While wildfire crews in The Dalles continue to mop up hot spots at the Government Flats Complex, Hillsboro Fire Department (HFD) firefighters have returned from their deployment to that conflagration. They are tired and glad to be home.

A few people have asked me why we send firefighters to large fires across the state. It is simple. We like to help, because we never know when we will need help here.

HFD is part of the larger, statewide community of fire departments that pool resources when large conflagrations overwhelm local resources. The city of Hillsboro is reimbursed for the use of HFD resources, and the mutual aid deployments do not negatively impact HFD’s day-to-day services. The city will benefit from the same state conflagration system if we ever face an overwhelming event, such as a prolonged winter storm, flood or earthquake, and need additional resources.

Several of our chief officers, line officers and firefighters also participate in the Office of the State Fire Marshal’s incident management teams. These all-hazards, all-risks teams are on standby 24/7 in case an area of the state is threatened by any type of overwhelming incident. They go to help local agencies plan for and manage the additional resources that will be summoned when the local aid is depleted. Additionally, these team members often donate their time to gather and help organize the funeral or memorial service for public safety officers killed in the line of duty.

Membership in these groups is strictly voluntary. Participation often means being sent halfway across the state with little more than an hour’s notice. Sleeping accommodations are primitive — usually a tent and a sleeping bag; sometimes a cot or air mattress. The hours are long. The job is stressful. Work in the field is dangerous. Crews leave with supplies to take care of themselves for up to three days.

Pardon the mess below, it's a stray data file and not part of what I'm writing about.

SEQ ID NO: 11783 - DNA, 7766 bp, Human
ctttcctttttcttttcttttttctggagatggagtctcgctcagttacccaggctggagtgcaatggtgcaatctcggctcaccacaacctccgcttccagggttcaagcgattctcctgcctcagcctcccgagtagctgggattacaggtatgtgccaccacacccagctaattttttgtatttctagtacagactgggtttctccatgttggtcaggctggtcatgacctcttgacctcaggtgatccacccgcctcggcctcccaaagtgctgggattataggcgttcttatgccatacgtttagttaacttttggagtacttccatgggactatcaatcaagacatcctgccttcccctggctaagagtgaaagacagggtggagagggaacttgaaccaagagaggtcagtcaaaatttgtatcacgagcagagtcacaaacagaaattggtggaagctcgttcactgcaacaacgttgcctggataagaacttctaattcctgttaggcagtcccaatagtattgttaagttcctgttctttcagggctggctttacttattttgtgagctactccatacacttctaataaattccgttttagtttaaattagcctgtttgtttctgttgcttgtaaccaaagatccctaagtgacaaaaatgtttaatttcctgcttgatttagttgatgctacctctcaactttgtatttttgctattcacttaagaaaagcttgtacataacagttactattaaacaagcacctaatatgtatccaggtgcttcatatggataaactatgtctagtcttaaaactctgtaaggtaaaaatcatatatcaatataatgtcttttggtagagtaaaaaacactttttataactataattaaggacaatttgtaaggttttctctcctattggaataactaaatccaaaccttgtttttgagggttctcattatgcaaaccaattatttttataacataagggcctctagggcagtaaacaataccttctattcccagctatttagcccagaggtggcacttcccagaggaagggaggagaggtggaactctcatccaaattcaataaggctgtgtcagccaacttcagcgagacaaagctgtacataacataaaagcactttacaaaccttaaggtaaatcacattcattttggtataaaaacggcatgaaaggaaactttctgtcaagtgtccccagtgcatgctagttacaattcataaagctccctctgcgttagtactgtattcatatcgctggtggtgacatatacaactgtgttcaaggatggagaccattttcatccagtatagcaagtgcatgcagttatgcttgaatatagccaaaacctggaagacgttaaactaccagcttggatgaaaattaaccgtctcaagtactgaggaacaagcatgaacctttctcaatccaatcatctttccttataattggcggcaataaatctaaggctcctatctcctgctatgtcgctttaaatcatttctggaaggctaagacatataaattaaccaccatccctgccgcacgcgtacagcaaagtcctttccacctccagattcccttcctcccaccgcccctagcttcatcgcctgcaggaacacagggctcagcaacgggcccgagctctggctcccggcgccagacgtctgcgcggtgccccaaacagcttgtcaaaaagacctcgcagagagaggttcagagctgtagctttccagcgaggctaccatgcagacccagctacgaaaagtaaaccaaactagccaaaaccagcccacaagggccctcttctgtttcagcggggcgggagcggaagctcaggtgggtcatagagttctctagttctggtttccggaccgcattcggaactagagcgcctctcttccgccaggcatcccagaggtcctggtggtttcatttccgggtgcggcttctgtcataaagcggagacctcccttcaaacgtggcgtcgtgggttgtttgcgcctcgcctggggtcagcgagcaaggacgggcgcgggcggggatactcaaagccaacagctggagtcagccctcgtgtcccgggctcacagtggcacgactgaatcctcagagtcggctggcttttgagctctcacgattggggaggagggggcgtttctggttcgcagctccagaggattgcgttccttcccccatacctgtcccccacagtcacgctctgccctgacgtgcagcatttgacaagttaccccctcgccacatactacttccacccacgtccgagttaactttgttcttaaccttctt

However, the incident management team usually arrives in time to arrange for full meal preparation within a day or so of activation. Deployed crews can and do look forward to hearty meals designed to nourish tired men and women who may have spent the past 12 hours digging fire breaks by hand or running a chain saw felling trees.

At the fire near The Dalles, our firefighters helped defend the city’s vital water treatment plant which, for a time, was directly in the path of the flames. Through their hard work and an improvement in weather, the city’s water plant survived. The loss of that plant would have been devastating to the 16,000 residents and to the economic vitality of the city.

I am proud of the work our firefighters did. The fire chiefs of each of the Washington County agencies that sent crews and resources should be proud of their people as well. They include Tualatin Valley Fire & Rescue, Forest Grove Fire & Rescue and Banks Fire Department. They are all good partners who are willing to aid their neighbors.

We are in the business of helping people. Normally, that means helping our citizen customers. We also help our neighbors when they need help. Based on this system, I am confident that should we have the need, help will be on its way.

Greg Nelson is chief of the Hillsboro Fire Department.

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